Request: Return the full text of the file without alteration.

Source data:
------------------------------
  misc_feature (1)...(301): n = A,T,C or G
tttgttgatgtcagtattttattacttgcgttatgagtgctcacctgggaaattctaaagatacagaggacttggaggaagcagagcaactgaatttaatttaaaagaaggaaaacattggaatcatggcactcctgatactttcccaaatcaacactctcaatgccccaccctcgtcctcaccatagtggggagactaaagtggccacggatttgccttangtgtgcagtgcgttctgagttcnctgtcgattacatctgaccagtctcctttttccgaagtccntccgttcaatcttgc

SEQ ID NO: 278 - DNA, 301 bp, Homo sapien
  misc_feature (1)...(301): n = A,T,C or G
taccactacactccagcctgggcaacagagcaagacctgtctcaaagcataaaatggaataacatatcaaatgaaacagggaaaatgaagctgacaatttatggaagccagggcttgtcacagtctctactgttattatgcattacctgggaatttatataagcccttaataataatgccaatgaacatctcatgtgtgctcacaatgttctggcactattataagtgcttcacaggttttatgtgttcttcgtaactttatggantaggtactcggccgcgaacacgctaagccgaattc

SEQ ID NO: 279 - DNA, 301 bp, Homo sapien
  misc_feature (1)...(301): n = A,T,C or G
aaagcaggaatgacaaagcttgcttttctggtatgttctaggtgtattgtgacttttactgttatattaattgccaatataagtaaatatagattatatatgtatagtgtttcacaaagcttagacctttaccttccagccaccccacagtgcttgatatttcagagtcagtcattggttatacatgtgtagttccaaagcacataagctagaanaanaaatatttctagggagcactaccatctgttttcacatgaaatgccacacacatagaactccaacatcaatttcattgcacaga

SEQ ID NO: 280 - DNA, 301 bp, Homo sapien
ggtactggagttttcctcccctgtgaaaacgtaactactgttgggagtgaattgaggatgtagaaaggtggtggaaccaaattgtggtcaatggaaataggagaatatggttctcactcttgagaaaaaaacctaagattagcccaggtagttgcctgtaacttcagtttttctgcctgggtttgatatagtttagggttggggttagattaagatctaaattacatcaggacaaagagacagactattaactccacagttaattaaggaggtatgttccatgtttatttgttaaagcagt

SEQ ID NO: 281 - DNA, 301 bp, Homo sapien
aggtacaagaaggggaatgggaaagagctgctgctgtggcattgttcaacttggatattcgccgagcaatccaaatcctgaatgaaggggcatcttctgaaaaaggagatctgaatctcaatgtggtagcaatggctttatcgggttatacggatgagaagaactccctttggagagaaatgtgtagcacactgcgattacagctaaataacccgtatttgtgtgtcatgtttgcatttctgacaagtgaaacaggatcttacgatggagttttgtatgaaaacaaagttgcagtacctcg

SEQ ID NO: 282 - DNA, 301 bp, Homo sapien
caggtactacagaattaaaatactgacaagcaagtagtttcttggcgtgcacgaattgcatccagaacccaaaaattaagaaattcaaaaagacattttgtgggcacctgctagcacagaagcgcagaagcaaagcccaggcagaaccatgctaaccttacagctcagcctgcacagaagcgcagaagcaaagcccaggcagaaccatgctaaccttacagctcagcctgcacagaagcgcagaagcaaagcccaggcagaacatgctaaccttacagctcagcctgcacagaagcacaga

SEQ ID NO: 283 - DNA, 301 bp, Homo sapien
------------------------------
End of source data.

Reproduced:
  misc_feature (1)...(301): n = A,T,C or G
tttgttgatgtcagtattttattacttgcgttatgagtgctcacctgggaaattctaaagatacagaggacttggaggaagcagagcaactgaatttaatttaaaagaaggaaaacattggaatcatggcactcctgatactttcccaaatcaacactctcaatgccccaccctcgtcctcaccatagtggggagactaaagtggccacggatttgccttangtgtgcagtgcgttctgagttcnctgtcgattacatctgaccagtctcctttttccgaagtccntccgttcaatcttgc

SEQ ID NO: 278 - DNA, 301 bp, Homo sapien
  misc_feature (1)...(301): n = A,T,C or G
taccactacactccagcctgggcaacagagcaagacctgtctcaaagcataaaatggaataacatatcaaatgaaacagggaaaatgaagctgacaatttatggaagccagggcttgtcacagtctctactgttattatgcattacctgggaatttatataagcccttaataataatgccaatgaacatctcatgtgtgctcacaatgttctggcactattataagtgcttcacaggttttatgtgttcttcgtaactttatggantaggtactcggccgcgaacacgctaagccgaattc

SEQ ID NO: 279 - DNA, 301 bp, Homo sapien
  misc_feature (1)...(301): n = A,T,C or G
aaagcaggaatgacaaagcttgcttttctggtatgttctaggtgtattgtgacttttactgttatattaattgccaatataagtaaatatagattatatatgtatagtgtttcacaaagcttagacctttaccttccagccaccccacagtgcttgatatttcagagtcagtcattggttatacatgtgtagttccaaagcacataagctagaanaanaaatatttctagggagcactaccatctgttttcacatgaaatgccacacacatagaactccaacatcaatttcattgcacaga

SEQ ID NO: 280 - DNA, 301 bp, Homo sapien
ggtactggagttttcctcccctgtgaaaacgtaactactgttgggagtgaattgaggatgtagaaaggtggtggaaccaaattgtggtcaatggaaataggagaatatggttctcactcttgagaaaaaaacctaagattagcccaggtagttgcctgtaacttcagtttttctgcctgggtttgatatagtttagggttggggttagattaagatctaaattacatcaggacaaagagacagactattaactccacagttaattaaggaggtatgttccatgtttatttgttaaagcagt

SEQ ID NO: 281 - DNA, 301 bp, Homo sapien
aggtacaagaaggggaatgggaaagagctgctgctgtggcattgttcaacttggatattcgccgagcaatccaaatcctgaatgaaggggcatcttctgaaaaaggagatctgaatctcaatgtggtagcaatggctttatcgggttatacggatgagaagaactccctttggagagaaatgtgtagcacactgcgattacagctaaataacccgtatttgtgtgtcatgtttgcatttctgacaagtgaaacaggatcttacgatggagttttgtatgaaaacaaagttgcagtacctcg

SEQ ID NO: 282 - DNA, 301 bp, Homo sapien
caggtactacagaattaaaatactgacaagcaagtagtttcttggcgtgcacgaattgcatccagaacccaaaaattaagaaattcaaaaagacattttgtgggcacctgctagcacagaagcgcagaagcaaagcccaggcagaaccatgctaaccttacagctcagcctgcacagaagcgcagaagcaaagcccaggcagaaccatgctaaccttacagctcagcctgcacagaagcgcagaagcaaagcccaggcagaacatgctaaccttacagctcagcctgcacagaagcacaga

SEQ ID NO: 283 - DNA, 301 bp, Homo sapien